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What Does This Mild Spring Mean for Harvest 2015?

It has been a mild, warm, and dry winter and spring in Oregon's Willamette Valley. A question we are frequently asked is, "What does that mean for the grapes?" Here are five possible implications for Harvest 2015 in the Willamette Valley:

1) Growth Acceleration: Heat provides grapes what they need to develop. We measure this in Growing Degree Days. According to Oregon expert Gregory Jones of Southern Oregon University, "To date in 2015, growing degree-days are higher than normal over all of California, Oregon, and Washington with April accumulations running between the last two warm years (2013 and 2014)." If this were sustained, we would expect an early harvest, though May is too early to make that call.

2) Dry: Obviously, precipitation has been lower than normal all winter and spring on the west coast. In areas like the Willamette Valley where irrigation is uncommon, it means that we worry a bit, but not too much since our generally mild climate and fertile soils usually keep things healthy even with a bit less water than normal.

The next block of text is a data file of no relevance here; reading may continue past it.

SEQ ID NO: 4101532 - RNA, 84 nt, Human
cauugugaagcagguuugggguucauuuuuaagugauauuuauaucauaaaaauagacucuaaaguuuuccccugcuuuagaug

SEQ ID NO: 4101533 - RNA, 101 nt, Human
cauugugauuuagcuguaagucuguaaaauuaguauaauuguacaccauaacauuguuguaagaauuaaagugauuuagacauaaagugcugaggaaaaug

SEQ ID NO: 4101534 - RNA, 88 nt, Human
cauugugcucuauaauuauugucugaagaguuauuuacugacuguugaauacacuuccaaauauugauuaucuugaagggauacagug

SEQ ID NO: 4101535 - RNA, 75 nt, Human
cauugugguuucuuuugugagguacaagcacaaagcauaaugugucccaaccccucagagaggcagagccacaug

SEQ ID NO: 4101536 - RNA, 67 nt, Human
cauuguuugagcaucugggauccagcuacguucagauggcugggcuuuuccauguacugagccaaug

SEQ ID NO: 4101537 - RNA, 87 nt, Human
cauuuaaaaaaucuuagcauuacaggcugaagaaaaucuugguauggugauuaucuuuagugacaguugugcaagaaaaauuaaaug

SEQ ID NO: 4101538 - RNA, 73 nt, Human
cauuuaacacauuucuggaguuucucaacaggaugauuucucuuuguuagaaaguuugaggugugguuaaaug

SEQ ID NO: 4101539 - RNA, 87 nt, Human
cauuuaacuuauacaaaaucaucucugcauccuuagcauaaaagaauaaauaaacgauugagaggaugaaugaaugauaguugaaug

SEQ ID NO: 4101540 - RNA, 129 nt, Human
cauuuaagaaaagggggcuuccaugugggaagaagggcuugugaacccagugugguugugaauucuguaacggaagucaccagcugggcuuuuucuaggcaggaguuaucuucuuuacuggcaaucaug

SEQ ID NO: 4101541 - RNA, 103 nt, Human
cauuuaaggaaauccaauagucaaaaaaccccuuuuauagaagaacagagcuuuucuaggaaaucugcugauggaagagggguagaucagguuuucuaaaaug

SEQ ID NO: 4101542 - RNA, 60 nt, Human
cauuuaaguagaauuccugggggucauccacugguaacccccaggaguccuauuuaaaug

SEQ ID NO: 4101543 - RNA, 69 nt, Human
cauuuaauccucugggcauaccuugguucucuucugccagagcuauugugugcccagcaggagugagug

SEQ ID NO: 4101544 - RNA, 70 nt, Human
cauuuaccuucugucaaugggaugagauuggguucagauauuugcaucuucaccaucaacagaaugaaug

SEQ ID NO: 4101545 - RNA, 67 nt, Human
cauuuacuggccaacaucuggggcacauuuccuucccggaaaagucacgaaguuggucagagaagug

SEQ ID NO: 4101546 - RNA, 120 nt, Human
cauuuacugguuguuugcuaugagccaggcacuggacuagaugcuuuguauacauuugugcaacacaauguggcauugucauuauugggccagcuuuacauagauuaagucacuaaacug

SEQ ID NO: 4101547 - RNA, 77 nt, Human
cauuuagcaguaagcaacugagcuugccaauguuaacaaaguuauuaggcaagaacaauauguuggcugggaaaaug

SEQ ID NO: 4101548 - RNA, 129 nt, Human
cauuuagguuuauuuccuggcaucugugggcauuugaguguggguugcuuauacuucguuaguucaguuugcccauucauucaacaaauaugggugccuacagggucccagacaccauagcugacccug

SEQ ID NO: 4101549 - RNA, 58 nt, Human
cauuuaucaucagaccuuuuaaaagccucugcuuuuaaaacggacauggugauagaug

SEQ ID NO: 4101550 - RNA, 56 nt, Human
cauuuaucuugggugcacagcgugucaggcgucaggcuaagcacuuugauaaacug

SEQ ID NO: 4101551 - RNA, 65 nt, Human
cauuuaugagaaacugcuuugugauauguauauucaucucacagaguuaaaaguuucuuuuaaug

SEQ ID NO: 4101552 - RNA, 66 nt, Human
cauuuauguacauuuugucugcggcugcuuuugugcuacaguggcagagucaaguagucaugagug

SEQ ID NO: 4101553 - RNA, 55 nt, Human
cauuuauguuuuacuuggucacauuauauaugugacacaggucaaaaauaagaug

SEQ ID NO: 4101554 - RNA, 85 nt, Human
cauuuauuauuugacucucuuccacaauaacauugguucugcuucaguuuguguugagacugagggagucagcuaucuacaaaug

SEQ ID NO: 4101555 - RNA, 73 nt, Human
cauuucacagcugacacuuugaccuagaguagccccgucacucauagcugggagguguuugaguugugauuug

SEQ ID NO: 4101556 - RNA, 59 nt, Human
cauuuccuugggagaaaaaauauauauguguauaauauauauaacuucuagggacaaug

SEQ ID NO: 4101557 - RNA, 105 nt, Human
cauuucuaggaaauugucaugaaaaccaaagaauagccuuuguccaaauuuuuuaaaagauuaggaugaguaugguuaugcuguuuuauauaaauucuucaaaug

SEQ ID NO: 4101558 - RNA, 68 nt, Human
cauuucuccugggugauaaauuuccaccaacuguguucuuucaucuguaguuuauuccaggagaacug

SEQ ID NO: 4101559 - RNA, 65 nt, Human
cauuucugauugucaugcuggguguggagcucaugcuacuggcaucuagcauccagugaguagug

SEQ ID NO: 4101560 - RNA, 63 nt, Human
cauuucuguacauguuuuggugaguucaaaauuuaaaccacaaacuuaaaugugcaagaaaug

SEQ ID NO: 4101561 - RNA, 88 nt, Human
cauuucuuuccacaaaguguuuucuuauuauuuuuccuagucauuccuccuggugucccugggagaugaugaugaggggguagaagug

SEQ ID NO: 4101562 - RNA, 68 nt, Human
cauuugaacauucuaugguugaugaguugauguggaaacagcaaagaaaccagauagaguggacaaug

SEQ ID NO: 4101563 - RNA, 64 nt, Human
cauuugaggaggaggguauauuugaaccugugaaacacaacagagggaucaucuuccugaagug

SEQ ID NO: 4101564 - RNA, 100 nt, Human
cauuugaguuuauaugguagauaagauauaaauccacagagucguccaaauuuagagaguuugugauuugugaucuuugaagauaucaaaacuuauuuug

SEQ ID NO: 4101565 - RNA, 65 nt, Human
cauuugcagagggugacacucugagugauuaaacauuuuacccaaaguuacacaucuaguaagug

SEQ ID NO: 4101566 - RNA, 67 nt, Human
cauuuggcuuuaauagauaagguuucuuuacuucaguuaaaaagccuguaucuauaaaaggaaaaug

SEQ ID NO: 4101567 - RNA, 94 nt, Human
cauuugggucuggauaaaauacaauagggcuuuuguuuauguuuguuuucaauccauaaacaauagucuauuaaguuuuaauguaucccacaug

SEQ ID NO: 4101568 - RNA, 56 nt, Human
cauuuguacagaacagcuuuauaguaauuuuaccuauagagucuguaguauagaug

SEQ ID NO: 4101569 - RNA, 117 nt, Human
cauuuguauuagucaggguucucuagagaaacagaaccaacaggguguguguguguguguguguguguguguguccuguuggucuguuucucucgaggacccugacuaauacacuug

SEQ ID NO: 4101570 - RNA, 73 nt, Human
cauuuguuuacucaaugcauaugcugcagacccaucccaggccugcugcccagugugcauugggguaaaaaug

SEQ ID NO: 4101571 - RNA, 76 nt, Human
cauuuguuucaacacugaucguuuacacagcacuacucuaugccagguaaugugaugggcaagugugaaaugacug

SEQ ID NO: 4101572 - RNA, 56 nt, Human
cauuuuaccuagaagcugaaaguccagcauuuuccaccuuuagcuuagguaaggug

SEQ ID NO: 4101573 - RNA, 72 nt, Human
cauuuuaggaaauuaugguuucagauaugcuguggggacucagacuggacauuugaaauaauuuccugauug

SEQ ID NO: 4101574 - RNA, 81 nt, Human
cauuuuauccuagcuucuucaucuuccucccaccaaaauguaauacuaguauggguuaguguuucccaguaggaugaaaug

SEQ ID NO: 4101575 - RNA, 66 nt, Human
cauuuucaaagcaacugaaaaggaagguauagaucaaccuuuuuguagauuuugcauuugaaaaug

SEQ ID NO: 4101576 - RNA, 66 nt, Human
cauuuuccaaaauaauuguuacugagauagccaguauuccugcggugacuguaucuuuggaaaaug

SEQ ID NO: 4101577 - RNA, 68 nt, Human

3) Predictions for Summer: We expect more of the same warmer and drier weather than normal. National Oceanic And Atmospheric Administration (NOAA)’s seasonal outlook (May-Jun-Jul) continues the strong likelihood for a warm late spring and early summer along the west coast. Additionally, the "blob" reported in the media, which refers to a condition of warm sea surface temperatures in the North Pacific, is creating a persistent ridge over the west coast with dry conditions expected to continue.

4) Possible El Nino: There are some indications that there could be a mild event in the late fall or winter that could bring rainfall into California and possibly Oregon. Bottom line: we need to be prepared for possible rain events in the fall.

5) Ship Wine Now: We plan to ship most wines as soon as possible as a warm west coast summer could mean that we have a very narrow window for shipping.